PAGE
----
Throughout Churchill's career, one is struck by the foresight of his analyzes of the international situation: he was among the first to sense the Nazi danger and to condemn the policy of "appeasement" pursued by Western democracies. A policy that could not prevent the outbreak of war in September 1939, in which Churchill intends to get involved. First Minister of War, he rose to the post of Prime Minister in May 1940, when the French ally had just collapsed, leaving the United Kingdom alone against the forces of the axis. During his investiture, he galvanized the resistance of his country: "My policy is to wage war, at sea, on land and in the air, to wage it against a monstrous tyranny, such as the dark and lamentable catalog of crimes. humans offer no worse… I have nothing to offer but blood, toil, sweat and tears ”. During the dark days of the Battle of Britain, Churchill's pugnacity and passionate speeches persuaded the British to continue the fight.

After the French rout of June 1940, he had no choice but to attack the French fleet at Mers-el-Kébir, Algeria (July 3, 1940) to prevent it from falling into German hands. Yet another demonstration of his fierce determination to fight, whatever the cost. With the help of Antony Eden, he developed a fruitful collaboration with President Franklin D. Roosevelt, obtaining the military and moral support of the United States. After the entry into the war of the Soviet Union, with which, although fiercely anti-Communist, he agreed to ally himself, and of the United States, in 1941, Churchill forged close links with those responsible for what he called the “Grande Alliance”, including with General de Gaulle, the leader of Free France.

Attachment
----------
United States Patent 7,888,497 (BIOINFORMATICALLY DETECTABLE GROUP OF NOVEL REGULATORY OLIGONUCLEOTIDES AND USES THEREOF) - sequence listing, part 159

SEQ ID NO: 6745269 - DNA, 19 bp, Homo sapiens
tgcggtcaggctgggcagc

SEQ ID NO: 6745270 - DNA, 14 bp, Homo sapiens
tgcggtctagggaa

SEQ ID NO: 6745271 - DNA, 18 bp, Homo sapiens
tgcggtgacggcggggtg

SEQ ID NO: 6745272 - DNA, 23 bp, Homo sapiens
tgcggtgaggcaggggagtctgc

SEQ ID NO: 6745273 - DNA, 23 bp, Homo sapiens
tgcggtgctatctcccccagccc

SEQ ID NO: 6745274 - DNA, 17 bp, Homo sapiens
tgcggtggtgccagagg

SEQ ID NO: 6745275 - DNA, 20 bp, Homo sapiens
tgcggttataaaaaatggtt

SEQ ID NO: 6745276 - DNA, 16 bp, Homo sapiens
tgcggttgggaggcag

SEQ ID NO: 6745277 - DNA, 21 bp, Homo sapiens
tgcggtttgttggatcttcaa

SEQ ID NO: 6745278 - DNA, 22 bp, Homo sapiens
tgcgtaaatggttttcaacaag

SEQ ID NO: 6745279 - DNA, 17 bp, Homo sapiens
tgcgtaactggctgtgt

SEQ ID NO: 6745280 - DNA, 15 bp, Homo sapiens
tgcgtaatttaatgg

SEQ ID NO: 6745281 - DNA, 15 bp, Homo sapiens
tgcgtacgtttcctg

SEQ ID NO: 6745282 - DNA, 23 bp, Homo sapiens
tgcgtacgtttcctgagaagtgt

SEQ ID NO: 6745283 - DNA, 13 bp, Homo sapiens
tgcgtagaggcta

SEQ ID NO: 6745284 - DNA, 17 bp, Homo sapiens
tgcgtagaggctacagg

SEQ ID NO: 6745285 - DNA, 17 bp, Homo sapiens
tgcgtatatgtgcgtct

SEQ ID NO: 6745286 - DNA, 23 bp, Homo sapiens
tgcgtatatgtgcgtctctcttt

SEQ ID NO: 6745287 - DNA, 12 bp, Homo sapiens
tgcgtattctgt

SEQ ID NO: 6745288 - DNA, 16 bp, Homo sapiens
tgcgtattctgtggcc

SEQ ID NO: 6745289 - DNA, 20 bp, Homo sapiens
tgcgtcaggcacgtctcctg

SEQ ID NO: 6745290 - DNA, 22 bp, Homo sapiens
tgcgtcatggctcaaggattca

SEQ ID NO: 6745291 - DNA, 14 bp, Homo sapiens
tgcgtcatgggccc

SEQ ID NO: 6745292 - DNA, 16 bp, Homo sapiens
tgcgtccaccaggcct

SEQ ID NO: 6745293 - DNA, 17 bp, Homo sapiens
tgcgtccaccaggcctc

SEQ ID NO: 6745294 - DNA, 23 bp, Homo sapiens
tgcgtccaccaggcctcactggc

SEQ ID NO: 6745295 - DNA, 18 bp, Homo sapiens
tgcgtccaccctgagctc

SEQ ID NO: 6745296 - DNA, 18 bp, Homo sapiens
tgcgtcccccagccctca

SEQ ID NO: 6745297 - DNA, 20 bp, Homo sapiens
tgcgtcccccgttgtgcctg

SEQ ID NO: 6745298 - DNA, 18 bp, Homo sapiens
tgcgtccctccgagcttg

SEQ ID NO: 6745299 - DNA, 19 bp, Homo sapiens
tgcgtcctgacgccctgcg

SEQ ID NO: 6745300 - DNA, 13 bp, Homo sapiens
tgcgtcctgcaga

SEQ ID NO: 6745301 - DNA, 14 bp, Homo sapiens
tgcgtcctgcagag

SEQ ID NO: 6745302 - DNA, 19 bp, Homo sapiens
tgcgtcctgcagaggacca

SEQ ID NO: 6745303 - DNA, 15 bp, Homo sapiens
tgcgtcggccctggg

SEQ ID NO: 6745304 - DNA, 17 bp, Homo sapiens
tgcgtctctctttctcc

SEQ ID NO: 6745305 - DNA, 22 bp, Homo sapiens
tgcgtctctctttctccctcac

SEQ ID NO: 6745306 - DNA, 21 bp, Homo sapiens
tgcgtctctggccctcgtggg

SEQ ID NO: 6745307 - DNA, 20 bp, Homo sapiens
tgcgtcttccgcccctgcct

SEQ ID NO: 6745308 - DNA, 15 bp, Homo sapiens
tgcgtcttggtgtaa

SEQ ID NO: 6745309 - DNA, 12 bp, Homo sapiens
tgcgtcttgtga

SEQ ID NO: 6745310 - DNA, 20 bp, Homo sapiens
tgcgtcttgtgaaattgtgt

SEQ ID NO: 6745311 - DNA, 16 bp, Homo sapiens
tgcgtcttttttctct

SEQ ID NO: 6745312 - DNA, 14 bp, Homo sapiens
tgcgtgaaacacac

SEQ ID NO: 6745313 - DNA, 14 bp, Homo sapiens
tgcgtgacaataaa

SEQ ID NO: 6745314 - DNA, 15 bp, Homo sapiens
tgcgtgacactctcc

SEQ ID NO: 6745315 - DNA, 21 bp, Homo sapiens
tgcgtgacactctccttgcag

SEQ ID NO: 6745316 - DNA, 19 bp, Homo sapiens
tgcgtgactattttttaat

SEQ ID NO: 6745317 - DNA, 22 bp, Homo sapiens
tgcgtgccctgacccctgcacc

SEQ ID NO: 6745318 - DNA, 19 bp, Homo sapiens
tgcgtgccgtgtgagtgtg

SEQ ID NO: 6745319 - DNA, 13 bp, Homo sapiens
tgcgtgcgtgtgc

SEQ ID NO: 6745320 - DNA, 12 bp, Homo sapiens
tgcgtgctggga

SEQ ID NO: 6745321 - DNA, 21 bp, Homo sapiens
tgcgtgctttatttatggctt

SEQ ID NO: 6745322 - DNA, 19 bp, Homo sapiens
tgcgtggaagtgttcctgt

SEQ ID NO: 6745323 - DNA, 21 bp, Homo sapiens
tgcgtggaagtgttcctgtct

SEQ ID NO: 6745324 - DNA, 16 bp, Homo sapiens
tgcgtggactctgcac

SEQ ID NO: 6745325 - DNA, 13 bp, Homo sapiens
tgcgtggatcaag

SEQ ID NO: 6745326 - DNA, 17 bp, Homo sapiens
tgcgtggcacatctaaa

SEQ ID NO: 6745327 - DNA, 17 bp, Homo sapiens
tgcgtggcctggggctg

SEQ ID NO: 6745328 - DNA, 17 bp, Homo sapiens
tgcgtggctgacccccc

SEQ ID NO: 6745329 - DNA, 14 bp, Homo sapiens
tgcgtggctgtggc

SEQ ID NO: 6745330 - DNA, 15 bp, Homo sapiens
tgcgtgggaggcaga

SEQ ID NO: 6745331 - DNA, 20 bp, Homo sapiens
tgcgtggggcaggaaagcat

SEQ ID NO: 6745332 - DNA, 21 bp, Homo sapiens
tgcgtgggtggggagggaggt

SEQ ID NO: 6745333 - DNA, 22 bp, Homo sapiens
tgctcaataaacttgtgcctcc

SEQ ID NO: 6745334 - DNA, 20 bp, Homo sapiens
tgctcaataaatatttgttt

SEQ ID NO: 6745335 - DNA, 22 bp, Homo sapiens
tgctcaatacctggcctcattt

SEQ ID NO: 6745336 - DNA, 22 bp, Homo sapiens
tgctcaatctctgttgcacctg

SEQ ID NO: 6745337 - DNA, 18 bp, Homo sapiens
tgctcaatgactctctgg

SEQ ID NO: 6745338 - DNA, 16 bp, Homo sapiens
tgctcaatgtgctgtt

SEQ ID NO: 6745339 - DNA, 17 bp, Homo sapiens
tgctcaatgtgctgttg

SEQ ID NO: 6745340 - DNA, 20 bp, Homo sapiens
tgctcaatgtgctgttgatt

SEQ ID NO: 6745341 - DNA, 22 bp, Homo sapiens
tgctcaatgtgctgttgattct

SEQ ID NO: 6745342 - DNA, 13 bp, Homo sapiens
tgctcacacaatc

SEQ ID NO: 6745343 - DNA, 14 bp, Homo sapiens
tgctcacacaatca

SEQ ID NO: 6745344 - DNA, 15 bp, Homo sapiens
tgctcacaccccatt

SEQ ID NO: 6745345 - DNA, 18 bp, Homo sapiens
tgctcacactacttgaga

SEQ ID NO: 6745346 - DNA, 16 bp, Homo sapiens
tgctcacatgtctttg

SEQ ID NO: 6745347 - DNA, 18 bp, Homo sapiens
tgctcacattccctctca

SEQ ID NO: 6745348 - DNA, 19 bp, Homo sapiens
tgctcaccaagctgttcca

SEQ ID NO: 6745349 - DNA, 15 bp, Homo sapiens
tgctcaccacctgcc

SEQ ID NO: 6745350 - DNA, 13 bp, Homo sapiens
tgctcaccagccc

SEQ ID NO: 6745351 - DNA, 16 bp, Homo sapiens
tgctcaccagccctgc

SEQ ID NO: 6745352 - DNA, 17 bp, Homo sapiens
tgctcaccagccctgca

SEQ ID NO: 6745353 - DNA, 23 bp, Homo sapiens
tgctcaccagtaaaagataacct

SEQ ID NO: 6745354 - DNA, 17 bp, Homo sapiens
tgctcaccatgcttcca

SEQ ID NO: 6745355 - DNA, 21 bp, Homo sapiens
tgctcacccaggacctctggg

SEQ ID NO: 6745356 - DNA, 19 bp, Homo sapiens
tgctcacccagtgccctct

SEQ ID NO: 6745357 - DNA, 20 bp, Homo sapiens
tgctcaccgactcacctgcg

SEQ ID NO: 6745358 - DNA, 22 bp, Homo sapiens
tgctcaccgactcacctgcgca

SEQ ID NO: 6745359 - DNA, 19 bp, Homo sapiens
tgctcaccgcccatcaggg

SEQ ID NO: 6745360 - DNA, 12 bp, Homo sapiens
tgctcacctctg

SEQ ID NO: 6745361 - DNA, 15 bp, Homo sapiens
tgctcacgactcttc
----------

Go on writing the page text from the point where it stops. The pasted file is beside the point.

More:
Moving on all fronts throughout the duration of the war, he contributed greatly to the coordination of Allied military strategy. He played a leading role in the major peace conferences, notably in Yalta (1945). He only participated in the first negotiations in Potsdam, because he lost the elections of July 1945; Labor Clement Attlee replaces him as head of government.

Visionary to the end

During the war, he had accepted the Soviet alliance while warning against the expansionist tendencies of communism in Eastern Europe. An intuition confirmed at the end of the war with the gradual ousting of all democratically elected governments in Eastern Europe by communist regimes under Moscow's orders. As early as 1946, during his famous Fulton speech, he launched the expression of the "iron curtain" which fell in Europe. To face the USSR, he proposed in September 1946 in Zurich, "something like the United States of Europe. To carry out this urgent task, France and Germany will have to reconcile. "

In the history of the first half of the twentieth century, Churchill is a free electron whose surprising trajectory would persist in crossing all the political turning points of his time. And when Sir Winston Churchill finally retired from political life in 1955, it was with the reputation of a great statesman, revered by the people and respected by all parties, as well as by Queen Elizabeth II. This atypical fate was even crowned with the Nobel Prize for Literature in 1953. He devoted his last years to painting and writing, helplessly assisting in the dismantling of the British Empire, of which he was a staunch defender.

After his death on January 24, 1965, a grandiose and moving national funeral was organized to pay a final tribute to one of the last giants of the 20th century. With Churchill, the United Kingdom also buries a world, that of the Victorian era and the world domination of the British Empire.

Bibliography

- Winston Churchill, biography of François Kersaudy. Tallandier, 2015.

- Winston Churchill: A Life, by John Keegan. The Beautiful Letters, 2018.


Video: Winston Churchill - Prime Minister. Mini Bio. BIO